Mr Jones Review TIFF 2020

The Plot

An aspiring young welsh journalist travels to Moscow in the hopes of uncovering the truth behind the apparent utopia of Stalin’s Soviet Union. The discoveries he makes will forever change him and the world.

The Good

Recent years has seen a glut of films released finally exploring history’s most infamous ‘forgotten genocide’ the Holodomor, Stalin’s man made famine in the Ukraine. It’s a crime that killed millions but has only gradually become an accepted historical fact by a world that long found it politically inconvenient to acknowledge the true weight of this particular atrocity. Of the many films seeking to shine a light into that particular dark corner of human history Mr Jones is perhaps one of the most effective and well executed.

Permanently rising star James Norton delivers a compelling performance as real life British political aid and journalist Gareth Jones. His quest to expose the truth behind the incredible tales of soviet prosperity under Stalin’s brutal regime take him form the comfortable safety of Lloyd George’s offices to the desolate snow covered wastelands of the Soviet Union. Speaking softly in a perfectly honed welsh accent Norton captures the spirit of a man determined to seek the truth but swift traumatized by the horrifying reality he uncovers.

It’s always difficult to approach issues like the Holodomor on screen, because the sheer scale of suffering is not easily captured on screen. Following Mr Jones path to confronting this is a good way of easing audiences gradually into confronting this and putting them in a position to truly feel like an observer of mass starvation. Accompanying him on his nightmarish descent is deeply impactful.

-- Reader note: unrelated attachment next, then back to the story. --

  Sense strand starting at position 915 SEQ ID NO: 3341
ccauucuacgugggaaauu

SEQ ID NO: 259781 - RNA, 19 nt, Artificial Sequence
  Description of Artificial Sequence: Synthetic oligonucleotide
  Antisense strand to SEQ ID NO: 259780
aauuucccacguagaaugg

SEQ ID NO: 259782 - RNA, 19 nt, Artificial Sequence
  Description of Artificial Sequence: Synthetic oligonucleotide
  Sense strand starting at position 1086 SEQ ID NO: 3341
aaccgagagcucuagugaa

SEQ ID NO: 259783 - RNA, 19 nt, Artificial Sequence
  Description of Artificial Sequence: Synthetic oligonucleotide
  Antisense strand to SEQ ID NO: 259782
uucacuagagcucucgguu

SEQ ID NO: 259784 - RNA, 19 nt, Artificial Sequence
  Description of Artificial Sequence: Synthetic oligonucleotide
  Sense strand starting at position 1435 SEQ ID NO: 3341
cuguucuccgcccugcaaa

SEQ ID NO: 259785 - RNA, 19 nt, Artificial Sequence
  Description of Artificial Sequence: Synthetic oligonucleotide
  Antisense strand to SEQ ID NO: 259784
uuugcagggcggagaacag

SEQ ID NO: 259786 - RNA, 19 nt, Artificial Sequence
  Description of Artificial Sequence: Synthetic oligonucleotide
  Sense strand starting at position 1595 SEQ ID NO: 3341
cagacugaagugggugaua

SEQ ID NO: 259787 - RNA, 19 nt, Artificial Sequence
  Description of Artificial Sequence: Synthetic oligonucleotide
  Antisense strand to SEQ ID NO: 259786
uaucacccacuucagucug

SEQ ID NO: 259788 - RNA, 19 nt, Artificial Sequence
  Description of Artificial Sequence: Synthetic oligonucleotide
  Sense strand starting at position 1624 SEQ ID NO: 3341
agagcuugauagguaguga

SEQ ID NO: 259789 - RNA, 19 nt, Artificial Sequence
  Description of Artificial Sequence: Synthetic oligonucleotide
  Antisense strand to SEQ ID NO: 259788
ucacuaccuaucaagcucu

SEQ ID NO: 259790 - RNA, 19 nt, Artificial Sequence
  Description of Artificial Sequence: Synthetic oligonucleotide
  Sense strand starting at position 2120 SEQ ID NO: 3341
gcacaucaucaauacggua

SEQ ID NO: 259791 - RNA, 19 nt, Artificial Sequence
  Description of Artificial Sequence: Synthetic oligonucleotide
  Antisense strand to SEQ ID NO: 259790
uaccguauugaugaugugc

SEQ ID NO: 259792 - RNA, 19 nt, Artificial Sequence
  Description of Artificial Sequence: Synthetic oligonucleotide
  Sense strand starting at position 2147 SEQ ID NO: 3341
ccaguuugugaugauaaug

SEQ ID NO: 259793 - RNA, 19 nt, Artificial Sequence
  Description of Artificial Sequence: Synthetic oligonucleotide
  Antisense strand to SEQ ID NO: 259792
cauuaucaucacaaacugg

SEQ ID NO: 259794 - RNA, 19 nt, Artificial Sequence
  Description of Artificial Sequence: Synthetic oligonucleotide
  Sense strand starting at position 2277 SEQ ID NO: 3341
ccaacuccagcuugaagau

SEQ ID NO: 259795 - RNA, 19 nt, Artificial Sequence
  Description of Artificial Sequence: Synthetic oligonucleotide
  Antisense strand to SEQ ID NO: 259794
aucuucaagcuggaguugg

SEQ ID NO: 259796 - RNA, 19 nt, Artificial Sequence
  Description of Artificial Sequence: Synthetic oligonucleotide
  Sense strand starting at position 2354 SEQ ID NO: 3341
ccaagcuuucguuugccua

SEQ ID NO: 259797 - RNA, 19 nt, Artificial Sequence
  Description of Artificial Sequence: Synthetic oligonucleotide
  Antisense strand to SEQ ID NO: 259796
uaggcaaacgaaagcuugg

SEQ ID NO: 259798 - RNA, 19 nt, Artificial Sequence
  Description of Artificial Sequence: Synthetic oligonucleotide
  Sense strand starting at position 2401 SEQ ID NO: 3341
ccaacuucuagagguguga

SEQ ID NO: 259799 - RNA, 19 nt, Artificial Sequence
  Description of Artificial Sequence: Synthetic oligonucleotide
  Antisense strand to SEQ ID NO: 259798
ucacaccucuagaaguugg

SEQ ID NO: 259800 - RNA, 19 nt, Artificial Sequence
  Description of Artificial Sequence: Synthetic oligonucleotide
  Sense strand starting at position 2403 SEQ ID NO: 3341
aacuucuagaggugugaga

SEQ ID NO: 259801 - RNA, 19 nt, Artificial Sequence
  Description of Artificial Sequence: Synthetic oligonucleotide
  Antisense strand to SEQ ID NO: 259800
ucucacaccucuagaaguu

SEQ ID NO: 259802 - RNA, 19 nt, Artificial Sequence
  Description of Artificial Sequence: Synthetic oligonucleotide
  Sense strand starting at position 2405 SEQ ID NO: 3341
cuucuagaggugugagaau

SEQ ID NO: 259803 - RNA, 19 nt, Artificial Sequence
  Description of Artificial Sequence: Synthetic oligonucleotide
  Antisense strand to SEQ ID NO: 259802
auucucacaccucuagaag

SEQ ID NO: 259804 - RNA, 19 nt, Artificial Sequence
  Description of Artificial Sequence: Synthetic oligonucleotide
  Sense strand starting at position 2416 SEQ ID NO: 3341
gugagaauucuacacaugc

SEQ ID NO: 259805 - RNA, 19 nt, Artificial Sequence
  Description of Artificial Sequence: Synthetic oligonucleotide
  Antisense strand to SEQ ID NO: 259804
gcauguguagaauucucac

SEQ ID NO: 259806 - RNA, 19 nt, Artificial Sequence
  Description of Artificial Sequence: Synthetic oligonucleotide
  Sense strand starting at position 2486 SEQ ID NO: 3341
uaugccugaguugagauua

Strong supporting turns from the excellent talents of Vanessa Kirby and Peter Sarsgaard also inject particular urgency into the film’s poignant rumination on the question of what it means to be a journalist and what price is worth paying for the truth. Jones’s own dilemma in whether to reveal his grim discoveries to the world, knowing it would lead to inevitably murderous repercussions from the regime, are effectively dramatized on screen.

Ultimately further tying the film’s narrative together by setting it against the backdrop of George Orwell drawing upon Mr Jones exploits to inspire his literary classic Animal Farm places the importance of his determined truth-seeking in further cultural context.

The Bad

The film’s uncompromising bleakness can be difficult viewing at times and this is certainly not a film for those who prefer to be merely entertained by cinema. While the film’s early portions offer a soft spoken comfort and appealing political intrigue, the grim shift in tone as Jones quest for the truth proceeds is equally traumatic for the character and audiences alike.

Obviously those horrifying revelation is the true purpose of the film, but it is perhaps only fair to warn audiences what kind of journey they are embarking on and the truly dark places it will force them to go. Confronting evil and human tragedy on an unimaginable scale is never easy, no matter how well told the story is.

The Ugly Truth

Mr Jones is an unflinching reminder of the true human cost of one of the worst acts of political evil of the 20th Century. It is a poignant tribute to one man’s fearless integrity and the millions of lives cruelly extinguished by the unimaginable evil he sought to expose. It is difficult but compelling viewing.

Review by Russell Nelson  

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